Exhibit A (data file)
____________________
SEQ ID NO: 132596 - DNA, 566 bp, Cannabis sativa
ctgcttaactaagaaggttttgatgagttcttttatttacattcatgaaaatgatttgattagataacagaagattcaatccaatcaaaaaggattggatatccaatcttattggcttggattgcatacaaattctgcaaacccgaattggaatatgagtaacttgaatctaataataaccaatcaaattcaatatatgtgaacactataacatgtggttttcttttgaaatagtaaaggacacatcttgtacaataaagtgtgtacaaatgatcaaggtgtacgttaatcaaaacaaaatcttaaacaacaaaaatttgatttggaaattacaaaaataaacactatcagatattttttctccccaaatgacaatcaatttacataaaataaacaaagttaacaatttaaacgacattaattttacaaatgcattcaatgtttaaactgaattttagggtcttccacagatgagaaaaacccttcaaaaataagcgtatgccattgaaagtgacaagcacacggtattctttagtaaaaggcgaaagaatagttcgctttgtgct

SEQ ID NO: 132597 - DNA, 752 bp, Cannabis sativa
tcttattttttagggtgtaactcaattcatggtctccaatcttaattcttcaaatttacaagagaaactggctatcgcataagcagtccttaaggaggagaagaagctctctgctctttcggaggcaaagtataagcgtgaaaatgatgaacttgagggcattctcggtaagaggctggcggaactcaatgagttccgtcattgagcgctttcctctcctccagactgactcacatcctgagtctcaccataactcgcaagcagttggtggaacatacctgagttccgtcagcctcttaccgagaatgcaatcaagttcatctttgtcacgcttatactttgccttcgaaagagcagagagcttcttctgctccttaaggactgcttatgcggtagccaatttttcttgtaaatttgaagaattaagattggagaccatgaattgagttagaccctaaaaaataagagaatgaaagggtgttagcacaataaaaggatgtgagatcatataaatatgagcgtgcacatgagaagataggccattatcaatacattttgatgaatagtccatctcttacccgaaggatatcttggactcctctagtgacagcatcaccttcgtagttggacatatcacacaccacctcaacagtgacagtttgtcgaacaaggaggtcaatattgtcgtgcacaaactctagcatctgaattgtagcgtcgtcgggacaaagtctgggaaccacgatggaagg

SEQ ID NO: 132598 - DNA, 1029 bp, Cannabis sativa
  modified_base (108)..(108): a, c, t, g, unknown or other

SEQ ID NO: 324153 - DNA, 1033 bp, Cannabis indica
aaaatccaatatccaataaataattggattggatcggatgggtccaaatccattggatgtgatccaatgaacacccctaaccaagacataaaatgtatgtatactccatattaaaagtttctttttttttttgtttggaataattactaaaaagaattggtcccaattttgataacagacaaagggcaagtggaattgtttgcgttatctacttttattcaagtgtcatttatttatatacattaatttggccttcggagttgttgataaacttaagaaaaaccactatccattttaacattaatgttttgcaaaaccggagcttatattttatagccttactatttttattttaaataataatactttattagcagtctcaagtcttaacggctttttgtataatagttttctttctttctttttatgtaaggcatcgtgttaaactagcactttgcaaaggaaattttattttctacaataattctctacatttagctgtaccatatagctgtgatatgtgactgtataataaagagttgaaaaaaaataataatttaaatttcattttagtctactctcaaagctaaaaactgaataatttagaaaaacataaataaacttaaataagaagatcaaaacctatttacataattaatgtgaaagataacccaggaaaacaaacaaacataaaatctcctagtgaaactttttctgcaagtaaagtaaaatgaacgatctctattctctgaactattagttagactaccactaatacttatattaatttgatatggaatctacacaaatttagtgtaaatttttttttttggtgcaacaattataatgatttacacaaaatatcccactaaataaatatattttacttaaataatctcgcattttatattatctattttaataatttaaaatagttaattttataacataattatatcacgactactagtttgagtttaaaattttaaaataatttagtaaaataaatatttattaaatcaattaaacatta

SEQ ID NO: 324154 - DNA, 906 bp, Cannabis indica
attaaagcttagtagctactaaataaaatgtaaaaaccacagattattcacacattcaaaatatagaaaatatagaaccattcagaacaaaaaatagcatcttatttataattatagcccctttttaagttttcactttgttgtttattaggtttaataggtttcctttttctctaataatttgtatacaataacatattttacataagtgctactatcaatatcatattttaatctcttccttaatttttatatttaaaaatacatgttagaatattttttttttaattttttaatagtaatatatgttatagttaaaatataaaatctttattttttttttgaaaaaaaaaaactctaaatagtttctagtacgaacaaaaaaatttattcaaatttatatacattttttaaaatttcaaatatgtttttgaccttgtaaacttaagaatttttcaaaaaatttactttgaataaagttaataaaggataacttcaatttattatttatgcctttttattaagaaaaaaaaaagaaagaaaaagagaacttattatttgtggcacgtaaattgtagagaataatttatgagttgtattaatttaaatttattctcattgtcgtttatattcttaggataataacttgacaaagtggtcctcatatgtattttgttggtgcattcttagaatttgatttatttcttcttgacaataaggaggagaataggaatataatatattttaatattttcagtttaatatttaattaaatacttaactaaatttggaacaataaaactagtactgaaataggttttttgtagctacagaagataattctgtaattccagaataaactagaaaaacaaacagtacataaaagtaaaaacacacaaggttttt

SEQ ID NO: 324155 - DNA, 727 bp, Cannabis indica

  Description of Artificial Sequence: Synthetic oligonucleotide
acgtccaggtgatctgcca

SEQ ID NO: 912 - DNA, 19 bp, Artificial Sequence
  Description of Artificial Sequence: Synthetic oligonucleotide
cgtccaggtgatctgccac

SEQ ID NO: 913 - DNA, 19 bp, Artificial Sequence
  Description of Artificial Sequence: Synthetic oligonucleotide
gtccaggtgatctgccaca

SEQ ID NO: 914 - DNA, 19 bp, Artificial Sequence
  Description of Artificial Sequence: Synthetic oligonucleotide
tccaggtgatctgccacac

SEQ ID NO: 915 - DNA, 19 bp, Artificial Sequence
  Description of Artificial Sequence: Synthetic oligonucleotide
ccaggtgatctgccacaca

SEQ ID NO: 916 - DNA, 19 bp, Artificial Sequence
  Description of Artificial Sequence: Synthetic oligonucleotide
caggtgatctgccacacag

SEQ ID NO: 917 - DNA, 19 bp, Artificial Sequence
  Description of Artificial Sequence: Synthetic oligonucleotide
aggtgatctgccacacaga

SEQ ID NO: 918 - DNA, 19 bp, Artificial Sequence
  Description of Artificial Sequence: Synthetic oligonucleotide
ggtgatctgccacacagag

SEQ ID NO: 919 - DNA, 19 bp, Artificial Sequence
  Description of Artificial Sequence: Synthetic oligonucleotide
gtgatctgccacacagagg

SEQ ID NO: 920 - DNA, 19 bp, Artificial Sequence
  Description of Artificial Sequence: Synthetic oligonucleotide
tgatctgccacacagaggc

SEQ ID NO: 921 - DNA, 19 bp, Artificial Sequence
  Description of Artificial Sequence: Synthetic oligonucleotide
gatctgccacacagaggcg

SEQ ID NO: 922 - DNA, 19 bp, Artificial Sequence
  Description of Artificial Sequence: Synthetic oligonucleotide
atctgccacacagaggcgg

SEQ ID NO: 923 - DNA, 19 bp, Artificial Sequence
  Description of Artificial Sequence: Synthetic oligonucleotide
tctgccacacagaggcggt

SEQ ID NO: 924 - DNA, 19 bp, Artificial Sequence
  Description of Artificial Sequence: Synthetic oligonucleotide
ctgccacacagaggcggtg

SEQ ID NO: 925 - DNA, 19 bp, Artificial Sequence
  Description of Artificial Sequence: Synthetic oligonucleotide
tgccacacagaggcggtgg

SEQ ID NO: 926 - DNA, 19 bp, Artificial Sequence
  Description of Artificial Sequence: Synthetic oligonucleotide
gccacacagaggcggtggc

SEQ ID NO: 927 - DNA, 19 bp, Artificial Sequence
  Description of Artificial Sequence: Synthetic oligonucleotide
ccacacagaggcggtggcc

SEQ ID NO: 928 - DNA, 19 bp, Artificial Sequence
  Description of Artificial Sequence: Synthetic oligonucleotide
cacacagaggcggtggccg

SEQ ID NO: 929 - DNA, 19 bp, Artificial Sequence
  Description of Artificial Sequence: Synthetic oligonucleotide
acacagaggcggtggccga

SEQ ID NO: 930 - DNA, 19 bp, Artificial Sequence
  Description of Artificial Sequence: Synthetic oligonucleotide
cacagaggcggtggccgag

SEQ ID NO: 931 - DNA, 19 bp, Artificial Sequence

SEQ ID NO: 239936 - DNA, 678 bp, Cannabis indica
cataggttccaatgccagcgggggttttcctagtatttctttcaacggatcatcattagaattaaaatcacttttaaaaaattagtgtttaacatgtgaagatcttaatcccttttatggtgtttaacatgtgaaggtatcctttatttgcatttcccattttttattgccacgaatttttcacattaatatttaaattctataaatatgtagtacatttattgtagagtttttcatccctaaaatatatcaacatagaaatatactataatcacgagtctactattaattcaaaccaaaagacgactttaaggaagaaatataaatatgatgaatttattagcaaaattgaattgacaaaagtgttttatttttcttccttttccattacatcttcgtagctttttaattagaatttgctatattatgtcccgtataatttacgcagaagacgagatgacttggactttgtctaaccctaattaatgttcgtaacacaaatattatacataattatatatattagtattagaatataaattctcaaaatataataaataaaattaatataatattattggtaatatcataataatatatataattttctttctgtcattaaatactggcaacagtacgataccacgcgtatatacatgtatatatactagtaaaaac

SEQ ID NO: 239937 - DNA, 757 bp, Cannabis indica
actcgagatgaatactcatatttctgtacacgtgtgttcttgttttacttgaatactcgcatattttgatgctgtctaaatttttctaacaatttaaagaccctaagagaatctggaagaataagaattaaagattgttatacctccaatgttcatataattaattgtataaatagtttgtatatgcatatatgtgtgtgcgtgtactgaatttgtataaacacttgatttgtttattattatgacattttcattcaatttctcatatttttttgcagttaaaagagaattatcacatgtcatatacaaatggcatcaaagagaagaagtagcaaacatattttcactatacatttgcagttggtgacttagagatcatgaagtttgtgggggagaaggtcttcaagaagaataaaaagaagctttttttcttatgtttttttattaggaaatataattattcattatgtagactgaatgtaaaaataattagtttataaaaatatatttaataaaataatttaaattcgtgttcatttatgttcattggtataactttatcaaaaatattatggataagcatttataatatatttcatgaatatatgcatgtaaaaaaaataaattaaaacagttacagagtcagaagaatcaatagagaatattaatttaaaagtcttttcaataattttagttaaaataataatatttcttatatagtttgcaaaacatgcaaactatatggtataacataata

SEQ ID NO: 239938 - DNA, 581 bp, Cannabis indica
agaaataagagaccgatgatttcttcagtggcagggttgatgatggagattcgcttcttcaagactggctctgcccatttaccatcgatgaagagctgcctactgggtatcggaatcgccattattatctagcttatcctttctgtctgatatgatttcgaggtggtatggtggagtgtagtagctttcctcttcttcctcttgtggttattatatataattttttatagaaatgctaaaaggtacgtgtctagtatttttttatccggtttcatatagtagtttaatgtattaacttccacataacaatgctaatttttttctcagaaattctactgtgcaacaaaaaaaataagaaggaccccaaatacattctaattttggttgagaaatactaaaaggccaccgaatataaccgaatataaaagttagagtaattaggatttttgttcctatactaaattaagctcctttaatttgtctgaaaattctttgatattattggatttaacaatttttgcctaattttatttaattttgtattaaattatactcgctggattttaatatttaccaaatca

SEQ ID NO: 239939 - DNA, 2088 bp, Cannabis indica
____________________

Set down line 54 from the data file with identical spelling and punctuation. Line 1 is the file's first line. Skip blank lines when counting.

  Description of Artificial Sequence: Synthetic oligonucleotide